Search through own heritage leads evangelist to story about enslaved mixed-race pastor

“All of a sudden I didn’t know who I was,” Tippit said during an interview at a local coffee shop. “I have fair skin and blue eyes, but my bloodline is a mixture of English, Native American and African.”“I did an ethnic background testing and basically came up with (that) I am 1/32nd African,” Tippit said. “I have sub-Saharan African DNA.“I should have been classified as a colored person — not as a white person,” Tippit said with a smile. “By law, I should not have been allowed to attend Istrouma High School because (then) it was segregated.”Baton Rouge schools were officially desegregated in 1965, the year Tippit graduated, according to school district officials.”Click through to read more.


Beyond Racial Gridlock: Embracing Mutual Responsibility: George Yancey:

Christians have struggled with racial issues for centuries, and often inadvertently contribute to the problem. Many proposed solutions have been helpful, but these only take us so far. Adding to this complex situation is the reality that Christians of different races see the issues differently. Sociologist George Yancey surveys a range of approaches to racial healing that Christians have used and offers a new model for moving forward.

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Members of congregations’ smaller racial groups feel less of a sense of belonging and are less involved

People who are part of a congregation’s largest racial group are more likely to feel they belong and be more involved— regardless of whether their group is barely half or nearly all of the members, a Baylor University study shows.

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Let’s face it: We need a new way to talk about race

See on Scoop.itMixed American Life

By any measure, we are living in the best period of racial experience in American history, exemplified not only by the obvious fact that the president, Barack Obama, is a twice-elected African American, but also that all around us there is evidence of the astonishing social progress that has been made in the last 50 years.

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The racial politics of adoption

See on Scoop.itMixed American Life

Adoption is more common than you’d think. Even though Angelina Jolie gets the most press as being a frequent adopter, she is far from the only person to give children a new home.

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Mixed Race Radio ~ Kevin Robinson – Choosing Unity Over Diversity

Tiffany Rae Reid

Christian faith, history is one that is inclusive; bridging the chasm between God and Humankind along with the one between all people one to another as individuals and ethnic groups. By “Building The Bridge Together” over the ethnic/cultural divide, Accord1 challenges Christians and The heterogeneous landscape of our world in a way that requires change from the rambling noise of division into the poetic melody of harmony and unity today resulting in synergy for tomorrow.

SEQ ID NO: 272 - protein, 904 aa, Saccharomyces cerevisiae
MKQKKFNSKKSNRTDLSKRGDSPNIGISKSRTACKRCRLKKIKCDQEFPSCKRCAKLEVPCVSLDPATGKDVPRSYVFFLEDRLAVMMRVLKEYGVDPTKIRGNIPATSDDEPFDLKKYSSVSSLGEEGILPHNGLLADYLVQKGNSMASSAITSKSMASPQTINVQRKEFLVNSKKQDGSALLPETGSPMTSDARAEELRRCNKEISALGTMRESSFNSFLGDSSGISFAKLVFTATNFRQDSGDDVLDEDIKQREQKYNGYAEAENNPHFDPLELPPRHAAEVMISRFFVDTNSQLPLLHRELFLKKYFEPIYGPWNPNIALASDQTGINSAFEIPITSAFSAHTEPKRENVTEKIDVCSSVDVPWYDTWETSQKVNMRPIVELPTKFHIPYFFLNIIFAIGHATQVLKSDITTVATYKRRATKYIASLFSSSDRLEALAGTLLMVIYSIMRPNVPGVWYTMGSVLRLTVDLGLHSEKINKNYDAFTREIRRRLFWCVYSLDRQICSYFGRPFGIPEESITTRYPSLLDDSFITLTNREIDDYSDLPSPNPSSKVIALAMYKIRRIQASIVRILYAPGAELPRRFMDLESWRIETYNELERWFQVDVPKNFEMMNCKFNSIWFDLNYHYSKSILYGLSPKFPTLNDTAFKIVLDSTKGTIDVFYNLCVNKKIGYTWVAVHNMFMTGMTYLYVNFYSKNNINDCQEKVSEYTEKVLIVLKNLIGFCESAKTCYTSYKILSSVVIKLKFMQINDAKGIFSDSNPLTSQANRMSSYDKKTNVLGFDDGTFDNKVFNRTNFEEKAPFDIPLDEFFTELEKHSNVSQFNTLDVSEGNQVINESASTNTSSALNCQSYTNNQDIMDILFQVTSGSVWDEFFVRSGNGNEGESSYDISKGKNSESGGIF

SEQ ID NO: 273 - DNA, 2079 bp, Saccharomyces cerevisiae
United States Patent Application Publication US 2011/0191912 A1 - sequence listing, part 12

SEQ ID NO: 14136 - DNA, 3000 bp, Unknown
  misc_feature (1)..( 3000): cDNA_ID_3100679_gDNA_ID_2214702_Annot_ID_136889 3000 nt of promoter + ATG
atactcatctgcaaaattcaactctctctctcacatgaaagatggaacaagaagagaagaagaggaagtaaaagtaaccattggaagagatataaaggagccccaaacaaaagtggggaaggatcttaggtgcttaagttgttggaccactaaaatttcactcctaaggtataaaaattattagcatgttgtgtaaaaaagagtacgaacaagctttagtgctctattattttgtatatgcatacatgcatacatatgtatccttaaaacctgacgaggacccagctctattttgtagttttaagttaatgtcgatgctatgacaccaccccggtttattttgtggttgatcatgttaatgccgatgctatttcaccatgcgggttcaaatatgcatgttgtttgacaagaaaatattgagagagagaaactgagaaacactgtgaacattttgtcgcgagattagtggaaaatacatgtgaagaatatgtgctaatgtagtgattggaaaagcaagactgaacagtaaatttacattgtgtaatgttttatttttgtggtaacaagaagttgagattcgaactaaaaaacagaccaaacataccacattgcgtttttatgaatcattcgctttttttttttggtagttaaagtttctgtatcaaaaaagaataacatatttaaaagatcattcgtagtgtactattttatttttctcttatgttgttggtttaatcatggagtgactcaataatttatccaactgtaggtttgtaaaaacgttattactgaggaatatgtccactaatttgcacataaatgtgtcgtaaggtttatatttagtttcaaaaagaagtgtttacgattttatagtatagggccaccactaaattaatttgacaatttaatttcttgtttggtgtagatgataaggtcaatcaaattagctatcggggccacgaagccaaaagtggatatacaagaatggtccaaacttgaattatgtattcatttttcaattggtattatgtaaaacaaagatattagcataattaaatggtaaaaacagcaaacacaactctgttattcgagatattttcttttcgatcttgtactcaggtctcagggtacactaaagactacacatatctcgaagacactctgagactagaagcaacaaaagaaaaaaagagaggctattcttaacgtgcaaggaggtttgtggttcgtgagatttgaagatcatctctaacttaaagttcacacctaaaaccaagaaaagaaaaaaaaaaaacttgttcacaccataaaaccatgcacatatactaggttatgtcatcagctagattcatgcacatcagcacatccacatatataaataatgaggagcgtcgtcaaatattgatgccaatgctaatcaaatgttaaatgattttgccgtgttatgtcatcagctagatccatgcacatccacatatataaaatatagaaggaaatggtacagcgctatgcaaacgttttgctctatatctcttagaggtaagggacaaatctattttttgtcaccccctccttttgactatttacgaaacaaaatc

Executive Director, Kevin Robinson has been a pioneer in the area of diversity having lived it being raised in Perry Township Ohio as a young child of the first African American Family at the area and school. With all of the negative realities of pre nineteen seventies suburbia serving as a focal point in his life, Kevin chose unity over division.

Many years in the making through a long career as a professional Fire Fighter, 1985-present), bachelor degreed senior co-pastor (1993-2001), staff pastor (2004-2006), evangelist, consultant and mentor/mediator to many in the area of multicultural ministry. Kevin along with wife, Beverly have established track record of building up multi ethnic congregations.

There is an old adage that says “Christianity is not a voice in the wilderness, but a life in the world. It is not an idea in the air, but feet on the ground going God’s way.” Kevin and Beverly Robinson personify this old saying in their Christian work and attitude. Their voices are not crying out feudally in the wilderness or resonating from empty walls; instead, they touch lives in the real world. They don’t work from notions or opinions-they just do what needs to be done for those who can’t do it themselves or need a little help along the way.

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Angela Warnick Buchdahl (Ashkenazi Jew/Korean) [American]

See on Scoop.itMixed American Life

Known as: First Cantor and Rabbi of Asian decent to be ordained in North America (Senior Cantor at the Central Synagogue; On the board of the Multiracial Jewish Network; Served as faculty for the Wexner Heritage Foundation and for the Union for Reform Judaism (URJ) Kallot)


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